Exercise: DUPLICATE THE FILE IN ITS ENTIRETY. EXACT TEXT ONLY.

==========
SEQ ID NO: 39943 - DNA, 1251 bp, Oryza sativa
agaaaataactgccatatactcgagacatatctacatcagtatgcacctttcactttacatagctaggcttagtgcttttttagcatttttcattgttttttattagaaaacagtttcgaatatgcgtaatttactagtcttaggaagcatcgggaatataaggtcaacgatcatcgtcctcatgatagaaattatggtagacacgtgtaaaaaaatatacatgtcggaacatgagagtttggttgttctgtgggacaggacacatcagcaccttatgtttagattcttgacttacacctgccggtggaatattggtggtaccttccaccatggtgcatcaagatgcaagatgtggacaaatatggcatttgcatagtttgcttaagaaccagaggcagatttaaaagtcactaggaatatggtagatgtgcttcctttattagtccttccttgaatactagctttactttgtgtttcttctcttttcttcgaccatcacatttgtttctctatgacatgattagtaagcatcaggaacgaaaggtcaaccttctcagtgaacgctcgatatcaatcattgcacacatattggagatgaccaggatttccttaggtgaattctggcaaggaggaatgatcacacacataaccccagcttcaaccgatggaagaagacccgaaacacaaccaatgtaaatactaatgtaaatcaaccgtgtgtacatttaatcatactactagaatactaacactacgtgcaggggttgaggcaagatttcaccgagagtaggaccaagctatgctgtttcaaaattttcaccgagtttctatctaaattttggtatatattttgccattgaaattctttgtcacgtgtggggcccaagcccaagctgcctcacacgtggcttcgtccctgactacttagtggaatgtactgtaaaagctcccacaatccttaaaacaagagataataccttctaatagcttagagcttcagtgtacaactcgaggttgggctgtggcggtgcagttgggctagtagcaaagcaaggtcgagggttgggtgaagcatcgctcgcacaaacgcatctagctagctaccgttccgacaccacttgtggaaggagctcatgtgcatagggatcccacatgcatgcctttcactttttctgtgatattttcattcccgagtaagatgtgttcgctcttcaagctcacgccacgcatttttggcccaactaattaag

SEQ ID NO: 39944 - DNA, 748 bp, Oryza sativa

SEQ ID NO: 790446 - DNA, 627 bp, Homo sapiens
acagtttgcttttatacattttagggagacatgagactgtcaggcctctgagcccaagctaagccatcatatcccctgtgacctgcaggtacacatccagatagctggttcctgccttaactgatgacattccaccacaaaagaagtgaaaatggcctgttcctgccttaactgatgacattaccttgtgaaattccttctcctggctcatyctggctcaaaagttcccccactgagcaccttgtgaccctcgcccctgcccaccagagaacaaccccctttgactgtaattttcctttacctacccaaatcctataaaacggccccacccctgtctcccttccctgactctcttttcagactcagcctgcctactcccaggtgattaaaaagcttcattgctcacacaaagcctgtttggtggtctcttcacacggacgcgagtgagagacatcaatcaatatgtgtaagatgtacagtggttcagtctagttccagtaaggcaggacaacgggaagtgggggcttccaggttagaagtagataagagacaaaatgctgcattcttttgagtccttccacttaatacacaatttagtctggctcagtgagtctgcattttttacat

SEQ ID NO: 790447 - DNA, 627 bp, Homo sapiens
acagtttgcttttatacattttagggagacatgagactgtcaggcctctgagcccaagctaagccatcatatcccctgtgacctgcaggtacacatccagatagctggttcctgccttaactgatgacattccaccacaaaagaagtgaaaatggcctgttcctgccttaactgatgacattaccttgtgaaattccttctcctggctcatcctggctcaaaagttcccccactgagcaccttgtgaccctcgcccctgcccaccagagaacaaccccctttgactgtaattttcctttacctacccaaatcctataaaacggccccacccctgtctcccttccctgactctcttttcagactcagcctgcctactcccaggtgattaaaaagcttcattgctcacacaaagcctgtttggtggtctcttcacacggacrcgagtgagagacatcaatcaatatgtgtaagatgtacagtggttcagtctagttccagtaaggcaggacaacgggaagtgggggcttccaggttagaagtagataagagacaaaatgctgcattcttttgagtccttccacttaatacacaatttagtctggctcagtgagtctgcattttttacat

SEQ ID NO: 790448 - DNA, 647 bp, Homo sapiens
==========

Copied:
SEQ ID NO: 39943 - DNA, 1251 bp, Oryza sativa
agaaaataactgccatatactcgagacatatctacatcagtatgcacctttcactttacatagctaggcttagtgcttttttagcatttttcattgttttttattagaaaacagtttcgaatatgcgtaatttactagtcttaggaagcatcgggaatataaggtcaacgatcatcgtcctcatgatagaaattatggtagacacgtgtaaaaaaatatacatgtcggaacatgagagtttggttgttctgtgggacaggacacatcagcaccttatgtttagattcttgacttacacctgccggtggaatattggtggtaccttccaccatggtgcatcaagatgcaagatgtggacaaatatggcatttgcatagtttgcttaagaaccagaggcagatttaaaagtcactaggaatatggtagatgtgcttcctttattagtccttccttgaatactagctttactttgtgtttcttctcttttcttcgaccatcacatttgtttctctatgacatgattagtaagcatcaggaacgaaaggtcaaccttctcagtgaacgctcgatatcaatcattgcacacatattggagatgaccaggatttccttaggtgaattctggcaaggaggaatgatcacacacataaccccagcttcaaccgatggaagaagacccgaaacacaaccaatgtaaatactaatgtaaatcaaccgtgtgtacatttaatcatactactagaatactaacactacgtgcaggggttgaggcaagatttcaccgagagtaggaccaagctatgctgtttcaaaattttcaccgagtttctatctaaattttggtatatattttgccattgaaattctttgtcacgtgtggggcccaagcccaagctgcctcacacgtggcttcgtccctgactacttagtggaatgtactgtaaaagctcccacaatccttaaaacaagagataataccttctaatagcttagagcttcagtgtacaactcgaggttgggctgtggcggtgcagttgggctagtagcaaagcaaggtcgagggttgggtgaagcatcgctcgcacaaacgcatctagctagctaccgttccgacaccacttgtggaaggagctcatgtgcatagggatcccacatgcatgcctttcactttttctgtgatattttcattcccgagtaagatgtgttcgctcttcaagctcacgccacgcatttttggcccaactaattaag

SEQ ID NO: 39944 - DNA, 748 bp, Oryza sativa

SEQ ID NO: 790446 - DNA, 627 bp, Homo sapiens
acagtttgcttttatacattttagggagacatgagactgtcaggcctctgagcccaagctaagccatcatatcccctgtgacctgcaggtacacatccagatagctggttcctgccttaactgatgacattccaccacaaaagaagtgaaaatggcctgttcctgccttaactgatgacattaccttgtgaaattccttctcctggctcatyctggctcaaaagttcccccactgagcaccttgtgaccctcgcccctgcccaccagagaacaaccccctttgactgtaattttcctttacctacccaaatcctataaaacggccccacccctgtctcccttccctgactctcttttcagactcagcctgcctactcccaggtgattaaaaagcttcattgctcacacaaagcctgtttggtggtctcttcacacggacgcgagtgagagacatcaatcaatatgtgtaagatgtacagtggttcagtctagttccagtaaggcaggacaacgggaagtgggggcttccaggttagaagtagataagagacaaaatgctgcattcttttgagtccttccacttaatacacaatttagtctggctcagtgagtctgcattttttacat

SEQ ID NO: 790447 - DNA, 627 bp, Homo sapiens
acagtttgcttttatacattttagggagacatgagactgtcaggcctctgagcccaagctaagccatcatatcccctgtgacctgcaggtacacatccagatagctggttcctgccttaactgatgacattccaccacaaaagaagtgaaaatggcctgttcctgccttaactgatgacattaccttgtgaaattccttctcctggctcatcctggctcaaaagttcccccactgagcaccttgtgaccctcgcccctgcccaccagagaacaaccccctttgactgtaattttcctttacctacccaaatcctataaaacggccccacccctgtctcccttccctgactctcttttcagactcagcctgcctactcccaggtgattaaaaagcttcattgctcacacaaagcctgtttggtggtctcttcacacggacrcgagtgagagacatcaatcaatatgtgtaagatgtacagtggttcagtctagttccagtaaggcaggacaacgggaagtgggggcttccaggttagaagtagataagagacaaaatgctgcattcttttgagtccttccacttaatacacaatttagtctggctcagtgagtctgcattttttacat

SEQ ID NO: 790448 - DNA, 647 bp, Homo sapiens